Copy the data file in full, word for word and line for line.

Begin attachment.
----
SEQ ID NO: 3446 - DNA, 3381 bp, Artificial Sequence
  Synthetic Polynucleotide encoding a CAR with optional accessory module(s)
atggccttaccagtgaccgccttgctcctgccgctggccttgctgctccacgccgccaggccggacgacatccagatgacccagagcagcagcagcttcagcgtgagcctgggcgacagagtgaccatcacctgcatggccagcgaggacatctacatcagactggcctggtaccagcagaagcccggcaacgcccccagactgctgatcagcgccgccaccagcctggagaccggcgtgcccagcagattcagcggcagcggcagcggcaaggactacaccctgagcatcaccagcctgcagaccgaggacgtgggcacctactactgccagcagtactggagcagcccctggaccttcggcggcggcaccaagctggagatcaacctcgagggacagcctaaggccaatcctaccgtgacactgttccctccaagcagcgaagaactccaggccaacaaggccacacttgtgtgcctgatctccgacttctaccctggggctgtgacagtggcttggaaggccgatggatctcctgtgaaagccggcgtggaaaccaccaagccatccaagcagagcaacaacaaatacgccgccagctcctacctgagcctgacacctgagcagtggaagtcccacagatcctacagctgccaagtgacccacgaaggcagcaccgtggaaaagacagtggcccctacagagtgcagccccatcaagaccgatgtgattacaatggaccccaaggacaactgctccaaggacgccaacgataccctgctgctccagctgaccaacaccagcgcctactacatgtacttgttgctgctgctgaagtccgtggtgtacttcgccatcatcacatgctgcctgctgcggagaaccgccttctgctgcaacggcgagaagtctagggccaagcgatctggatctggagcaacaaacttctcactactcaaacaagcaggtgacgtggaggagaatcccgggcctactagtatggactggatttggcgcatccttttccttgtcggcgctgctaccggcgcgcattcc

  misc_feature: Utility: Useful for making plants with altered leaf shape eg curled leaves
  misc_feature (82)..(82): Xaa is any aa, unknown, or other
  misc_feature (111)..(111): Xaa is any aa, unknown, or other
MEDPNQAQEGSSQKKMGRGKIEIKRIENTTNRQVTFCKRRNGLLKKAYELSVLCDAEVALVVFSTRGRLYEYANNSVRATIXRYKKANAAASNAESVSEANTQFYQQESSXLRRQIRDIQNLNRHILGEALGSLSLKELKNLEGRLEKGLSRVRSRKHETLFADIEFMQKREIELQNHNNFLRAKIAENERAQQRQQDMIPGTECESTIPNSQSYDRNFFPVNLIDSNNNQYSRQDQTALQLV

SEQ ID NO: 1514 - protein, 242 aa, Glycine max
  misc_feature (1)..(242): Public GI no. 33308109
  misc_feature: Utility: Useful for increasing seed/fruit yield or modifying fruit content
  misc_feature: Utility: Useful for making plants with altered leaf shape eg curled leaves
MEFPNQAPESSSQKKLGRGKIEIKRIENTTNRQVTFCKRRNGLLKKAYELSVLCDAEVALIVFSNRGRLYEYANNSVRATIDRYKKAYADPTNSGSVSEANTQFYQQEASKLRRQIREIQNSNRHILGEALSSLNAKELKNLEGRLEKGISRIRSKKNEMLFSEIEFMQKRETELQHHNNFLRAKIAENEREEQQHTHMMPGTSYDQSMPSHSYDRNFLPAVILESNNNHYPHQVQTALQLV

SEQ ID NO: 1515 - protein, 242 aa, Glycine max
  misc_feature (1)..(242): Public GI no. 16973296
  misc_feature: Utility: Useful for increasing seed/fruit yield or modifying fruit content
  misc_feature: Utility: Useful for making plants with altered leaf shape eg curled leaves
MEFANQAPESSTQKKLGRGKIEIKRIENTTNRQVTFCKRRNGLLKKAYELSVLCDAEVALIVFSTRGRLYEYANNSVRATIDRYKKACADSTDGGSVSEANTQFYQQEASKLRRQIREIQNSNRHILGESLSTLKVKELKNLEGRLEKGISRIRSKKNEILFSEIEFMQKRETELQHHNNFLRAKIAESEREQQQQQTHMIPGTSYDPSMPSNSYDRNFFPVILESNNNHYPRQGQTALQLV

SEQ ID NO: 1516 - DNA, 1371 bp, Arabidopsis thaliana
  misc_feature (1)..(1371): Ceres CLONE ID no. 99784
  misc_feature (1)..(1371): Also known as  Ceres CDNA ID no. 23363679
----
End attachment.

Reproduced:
SEQ ID NO: 3446 - DNA, 3381 bp, Artificial Sequence
  Synthetic Polynucleotide encoding a CAR with optional accessory module(s)
atggccttaccagtgaccgccttgctcctgccgctggccttgctgctccacgccgccaggccggacgacatccagatgacccagagcagcagcagcttcagcgtgagcctgggcgacagagtgaccatcacctgcatggccagcgaggacatctacatcagactggcctggtaccagcagaagcccggcaacgcccccagactgctgatcagcgccgccaccagcctggagaccggcgtgcccagcagattcagcggcagcggcagcggcaaggactacaccctgagcatcaccagcctgcagaccgaggacgtgggcacctactactgccagcagtactggagcagcccctggaccttcggcggcggcaccaagctggagatcaacctcgagggacagcctaaggccaatcctaccgtgacactgttccctccaagcagcgaagaactccaggccaacaaggccacacttgtgtgcctgatctccgacttctaccctggggctgtgacagtggcttggaaggccgatggatctcctgtgaaagccggcgtggaaaccaccaagccatccaagcagagcaacaacaaatacgccgccagctcctacctgagcctgacacctgagcagtggaagtcccacagatcctacagctgccaagtgacccacgaaggcagcaccgtggaaaagacagtggcccctacagagtgcagccccatcaagaccgatgtgattacaatggaccccaaggacaactgctccaaggacgccaacgataccctgctgctccagctgaccaacaccagcgcctactacatgtacttgttgctgctgctgaagtccgtggtgtacttcgccatcatcacatgctgcctgctgcggagaaccgccttctgctgcaacggcgagaagtctagggccaagcgatctggatctggagcaacaaacttctcactactcaaacaagcaggtgacgtggaggagaatcccgggcctactagtatggactggatttggcgcatccttttccttgtcggcgctgctaccggcgcgcattcc

  misc_feature: Utility: Useful for making plants with altered leaf shape eg curled leaves
  misc_feature (82)..(82): Xaa is any aa, unknown, or other
  misc_feature (111)..(111): Xaa is any aa, unknown, or other
MEDPNQAQEGSSQKKMGRGKIEIKRIENTTNRQVTFCKRRNGLLKKAYELSVLCDAEVALVVFSTRGRLYEYANNSVRATIXRYKKANAAASNAESVSEANTQFYQQESSXLRRQIRDIQNLNRHILGEALGSLSLKELKNLEGRLEKGLSRVRSRKHETLFADIEFMQKREIELQNHNNFLRAKIAENERAQQRQQDMIPGTECESTIPNSQSYDRNFFPVNLIDSNNNQYSRQDQTALQLV

SEQ ID NO: 1514 - protein, 242 aa, Glycine max
  misc_feature (1)..(242): Public GI no. 33308109
  misc_feature: Utility: Useful for increasing seed/fruit yield or modifying fruit content
  misc_feature: Utility: Useful for making plants with altered leaf shape eg curled leaves
MEFPNQAPESSSQKKLGRGKIEIKRIENTTNRQVTFCKRRNGLLKKAYELSVLCDAEVALIVFSNRGRLYEYANNSVRATIDRYKKAYADPTNSGSVSEANTQFYQQEASKLRRQIREIQNSNRHILGEALSSLNAKELKNLEGRLEKGISRIRSKKNEMLFSEIEFMQKRETELQHHNNFLRAKIAENEREEQQHTHMMPGTSYDQSMPSHSYDRNFLPAVILESNNNHYPHQVQTALQLV

SEQ ID NO: 1515 - protein, 242 aa, Glycine max
  misc_feature (1)..(242): Public GI no. 16973296
  misc_feature: Utility: Useful for increasing seed/fruit yield or modifying fruit content
  misc_feature: Utility: Useful for making plants with altered leaf shape eg curled leaves
MEFANQAPESSTQKKLGRGKIEIKRIENTTNRQVTFCKRRNGLLKKAYELSVLCDAEVALIVFSTRGRLYEYANNSVRATIDRYKKACADSTDGGSVSEANTQFYQQEASKLRRQIREIQNSNRHILGESLSTLKVKELKNLEGRLEKGISRIRSKKNEILFSEIEFMQKRETELQHHNNFLRAKIAESEREQQQQQTHMIPGTSYDPSMPSNSYDRNFFPVILESNNNHYPRQGQTALQLV

SEQ ID NO: 1516 - DNA, 1371 bp, Arabidopsis thaliana
  misc_feature (1)..(1371): Ceres CLONE ID no. 99784
  misc_feature (1)..(1371): Also known as  Ceres CDNA ID no. 23363679